jewelers/beaders. Upon purchasing the items, am I infringing
on their artistic rights by using it in the jewelry I am making? Do
I have to get the other jewelers/beaders permission before selling
You’re looking for “perfect rules” where only “general rules” and
"reasonableness" come smack up against “reality.” In general, if the
"artist" (may or may not be an artist) making the charms/beads/etc.
was “obviously” making them for your inclusion in the complete items
of others then you have every right (you BOUGHT and OWN the
charms/beads/etc.) to include them with or without any permission or
reference to the “artist.” (Of course if reference to the “artist"
will help you sell your pieces you should probably do it and you
still do not need permission.) However if they were making
"completed” pieces that were meant to stand alone (EXTREMELY
improbable for beads/charms/etc.) then it gets much more
complicated. BUT, if you are using the beads/charms/etc. in a way
that is INTENDED, or “realistically” could be interpreted to be
intended, to harm, denigrate, damage, etc., the original “artist"
then you MAY be crossing the line into a civil infraction of the
"artist’s” rights. Either case in the latter sentence is highly
unlikely (I hope).
All that said, if the “artist” chooses to sue you they have the
right to and you have a legal MANDATE to defend yourself in court or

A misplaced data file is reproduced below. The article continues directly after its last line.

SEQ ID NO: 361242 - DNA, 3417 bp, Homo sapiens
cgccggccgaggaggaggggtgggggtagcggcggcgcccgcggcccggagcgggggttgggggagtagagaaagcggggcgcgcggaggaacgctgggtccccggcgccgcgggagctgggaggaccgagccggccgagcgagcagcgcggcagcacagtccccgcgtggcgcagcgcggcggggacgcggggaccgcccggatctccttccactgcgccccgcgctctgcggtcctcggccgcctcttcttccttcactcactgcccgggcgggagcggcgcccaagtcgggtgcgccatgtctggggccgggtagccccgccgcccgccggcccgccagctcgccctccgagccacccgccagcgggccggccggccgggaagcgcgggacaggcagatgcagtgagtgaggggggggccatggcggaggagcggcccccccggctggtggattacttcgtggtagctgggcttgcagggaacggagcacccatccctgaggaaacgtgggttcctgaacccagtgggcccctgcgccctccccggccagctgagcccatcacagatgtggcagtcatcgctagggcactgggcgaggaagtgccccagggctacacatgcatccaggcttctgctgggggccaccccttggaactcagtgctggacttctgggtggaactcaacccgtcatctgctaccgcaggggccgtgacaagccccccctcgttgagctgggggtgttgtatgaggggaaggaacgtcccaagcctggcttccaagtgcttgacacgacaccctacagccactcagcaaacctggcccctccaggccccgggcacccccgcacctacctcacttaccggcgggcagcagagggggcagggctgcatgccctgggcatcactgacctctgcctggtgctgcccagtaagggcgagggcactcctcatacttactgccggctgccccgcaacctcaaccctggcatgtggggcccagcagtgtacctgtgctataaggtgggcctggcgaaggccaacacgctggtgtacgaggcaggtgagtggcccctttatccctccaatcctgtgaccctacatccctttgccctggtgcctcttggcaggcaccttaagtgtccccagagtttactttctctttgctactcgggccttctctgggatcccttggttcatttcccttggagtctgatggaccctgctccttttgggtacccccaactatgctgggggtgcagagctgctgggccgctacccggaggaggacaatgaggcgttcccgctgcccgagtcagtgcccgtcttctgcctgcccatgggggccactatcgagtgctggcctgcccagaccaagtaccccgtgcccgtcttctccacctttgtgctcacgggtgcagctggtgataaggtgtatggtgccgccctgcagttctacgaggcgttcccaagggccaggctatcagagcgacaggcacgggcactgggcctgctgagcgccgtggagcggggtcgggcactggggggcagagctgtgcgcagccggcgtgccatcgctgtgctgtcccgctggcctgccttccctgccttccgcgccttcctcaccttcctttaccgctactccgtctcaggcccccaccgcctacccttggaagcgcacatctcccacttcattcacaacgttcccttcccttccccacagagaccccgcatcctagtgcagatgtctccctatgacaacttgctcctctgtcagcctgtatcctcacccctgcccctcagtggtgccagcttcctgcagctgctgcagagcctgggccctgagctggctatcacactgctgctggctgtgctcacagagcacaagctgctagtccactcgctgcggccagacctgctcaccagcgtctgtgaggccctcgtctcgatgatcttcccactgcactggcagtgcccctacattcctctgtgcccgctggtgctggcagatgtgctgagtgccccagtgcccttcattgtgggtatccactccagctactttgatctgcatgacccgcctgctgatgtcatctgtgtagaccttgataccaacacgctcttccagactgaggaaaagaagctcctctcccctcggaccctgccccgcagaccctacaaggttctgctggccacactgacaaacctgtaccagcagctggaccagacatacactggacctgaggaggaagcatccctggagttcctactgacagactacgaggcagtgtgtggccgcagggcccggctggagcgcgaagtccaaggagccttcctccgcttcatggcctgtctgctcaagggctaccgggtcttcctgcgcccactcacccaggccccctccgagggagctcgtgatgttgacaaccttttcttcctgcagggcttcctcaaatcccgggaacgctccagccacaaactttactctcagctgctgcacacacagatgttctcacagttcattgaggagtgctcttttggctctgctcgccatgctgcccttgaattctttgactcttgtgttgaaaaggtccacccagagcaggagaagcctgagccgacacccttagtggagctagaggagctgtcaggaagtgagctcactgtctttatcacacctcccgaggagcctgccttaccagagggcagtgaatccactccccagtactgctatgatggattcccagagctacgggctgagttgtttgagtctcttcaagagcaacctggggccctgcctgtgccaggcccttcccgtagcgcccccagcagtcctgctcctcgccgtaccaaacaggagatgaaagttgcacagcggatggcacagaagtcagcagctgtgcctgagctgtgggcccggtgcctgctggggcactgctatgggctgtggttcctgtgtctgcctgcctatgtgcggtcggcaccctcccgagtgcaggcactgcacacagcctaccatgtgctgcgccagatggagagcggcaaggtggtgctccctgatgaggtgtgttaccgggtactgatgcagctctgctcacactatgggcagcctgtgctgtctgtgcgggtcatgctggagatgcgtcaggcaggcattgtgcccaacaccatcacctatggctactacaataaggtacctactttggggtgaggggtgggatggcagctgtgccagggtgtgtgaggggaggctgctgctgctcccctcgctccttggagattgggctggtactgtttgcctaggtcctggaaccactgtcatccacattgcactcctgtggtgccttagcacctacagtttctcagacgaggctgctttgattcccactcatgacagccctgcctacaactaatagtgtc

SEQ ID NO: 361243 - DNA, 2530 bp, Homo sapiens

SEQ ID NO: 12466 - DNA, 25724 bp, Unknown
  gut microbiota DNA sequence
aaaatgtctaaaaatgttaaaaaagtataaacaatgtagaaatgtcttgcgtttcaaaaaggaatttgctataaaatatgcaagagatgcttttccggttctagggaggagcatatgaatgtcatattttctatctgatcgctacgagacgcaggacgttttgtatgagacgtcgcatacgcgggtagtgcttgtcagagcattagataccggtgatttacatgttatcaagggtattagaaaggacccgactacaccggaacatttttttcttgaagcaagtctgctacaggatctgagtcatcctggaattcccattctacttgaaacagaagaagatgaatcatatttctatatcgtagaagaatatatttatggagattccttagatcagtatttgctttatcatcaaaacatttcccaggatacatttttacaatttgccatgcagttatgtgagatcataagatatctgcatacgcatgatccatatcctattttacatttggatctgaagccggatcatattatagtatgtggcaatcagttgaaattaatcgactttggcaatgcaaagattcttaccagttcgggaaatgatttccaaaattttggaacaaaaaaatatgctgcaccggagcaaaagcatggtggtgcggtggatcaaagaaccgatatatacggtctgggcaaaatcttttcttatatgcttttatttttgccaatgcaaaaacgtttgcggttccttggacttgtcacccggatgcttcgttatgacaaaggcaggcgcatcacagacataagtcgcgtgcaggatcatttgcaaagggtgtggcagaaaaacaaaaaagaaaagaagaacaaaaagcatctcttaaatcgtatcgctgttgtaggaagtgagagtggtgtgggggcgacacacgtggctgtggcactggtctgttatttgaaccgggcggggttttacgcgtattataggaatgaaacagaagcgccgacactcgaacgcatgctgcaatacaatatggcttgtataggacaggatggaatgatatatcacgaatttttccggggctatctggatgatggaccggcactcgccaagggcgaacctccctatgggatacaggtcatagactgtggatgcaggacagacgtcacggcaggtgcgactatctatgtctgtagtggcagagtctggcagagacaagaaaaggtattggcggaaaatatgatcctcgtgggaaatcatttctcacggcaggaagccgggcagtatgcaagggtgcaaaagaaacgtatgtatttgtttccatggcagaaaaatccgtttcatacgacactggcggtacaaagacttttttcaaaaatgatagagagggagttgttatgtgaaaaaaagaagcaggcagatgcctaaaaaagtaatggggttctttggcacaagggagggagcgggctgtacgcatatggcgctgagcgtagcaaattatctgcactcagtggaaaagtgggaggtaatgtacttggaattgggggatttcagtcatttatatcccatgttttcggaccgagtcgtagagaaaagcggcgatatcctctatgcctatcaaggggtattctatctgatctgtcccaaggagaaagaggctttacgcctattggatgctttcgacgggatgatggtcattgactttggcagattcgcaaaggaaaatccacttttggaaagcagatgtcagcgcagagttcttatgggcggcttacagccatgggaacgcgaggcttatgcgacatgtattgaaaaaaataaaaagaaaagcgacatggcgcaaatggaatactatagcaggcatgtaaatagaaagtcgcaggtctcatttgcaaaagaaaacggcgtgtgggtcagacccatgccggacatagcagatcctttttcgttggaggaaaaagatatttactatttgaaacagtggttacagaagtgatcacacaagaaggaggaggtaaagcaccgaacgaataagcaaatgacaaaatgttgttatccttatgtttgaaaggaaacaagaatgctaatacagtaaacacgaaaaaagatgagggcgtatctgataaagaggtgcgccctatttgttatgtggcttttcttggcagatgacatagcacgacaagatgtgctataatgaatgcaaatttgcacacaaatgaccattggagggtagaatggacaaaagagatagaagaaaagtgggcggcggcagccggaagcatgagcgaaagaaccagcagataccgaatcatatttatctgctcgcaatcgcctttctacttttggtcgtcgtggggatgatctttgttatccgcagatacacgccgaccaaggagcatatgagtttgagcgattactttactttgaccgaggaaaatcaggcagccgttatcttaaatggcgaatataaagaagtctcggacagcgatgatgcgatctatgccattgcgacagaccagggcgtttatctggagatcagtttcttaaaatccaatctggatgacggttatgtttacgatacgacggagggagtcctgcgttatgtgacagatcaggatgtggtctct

somehow settle the issue (legally) and privately. Of course should
they sue the first thing you do is QUIT BUYING from them and demand
your money back in exchange for any stock of their charms/beads/etc.
you have on hand. The odds of them suing are practically 0.
So my advice is incorporate the charms/beads/etc. YOU BOUGHT happily
in your products and, if it helps sales (otherwise not), tell your
buyers what “artist’s” charms/beads/etc. you have used.
IANAL. For $200 and up a lawyer may well advise you to purchase more
of their services regardless of the odds you’ll actually get value
And about those automobiles: “body by Fisher,” “spark plugs by
Champion,” “tires by Firestone,” “ABS by Bosch” . . . Perhaps you
haven’t been paying attention, no permission was required though it
may have been “granted.” As long as no implication of endorsement by
the part supplier to the whole car is implied or could be reasonably
expected to be understood by consumers no permission would be needed.
If endorsement is implied or stated then permission would be
James E. White
Inventor, Marketer, and Author of “Will It Sell?
How to Determine If Your Invention Is Profitably Marketable
(Before Wasting Money on a Patent)” www.willitsell.com
Also: www.booksforinventors.com and www.idearights.com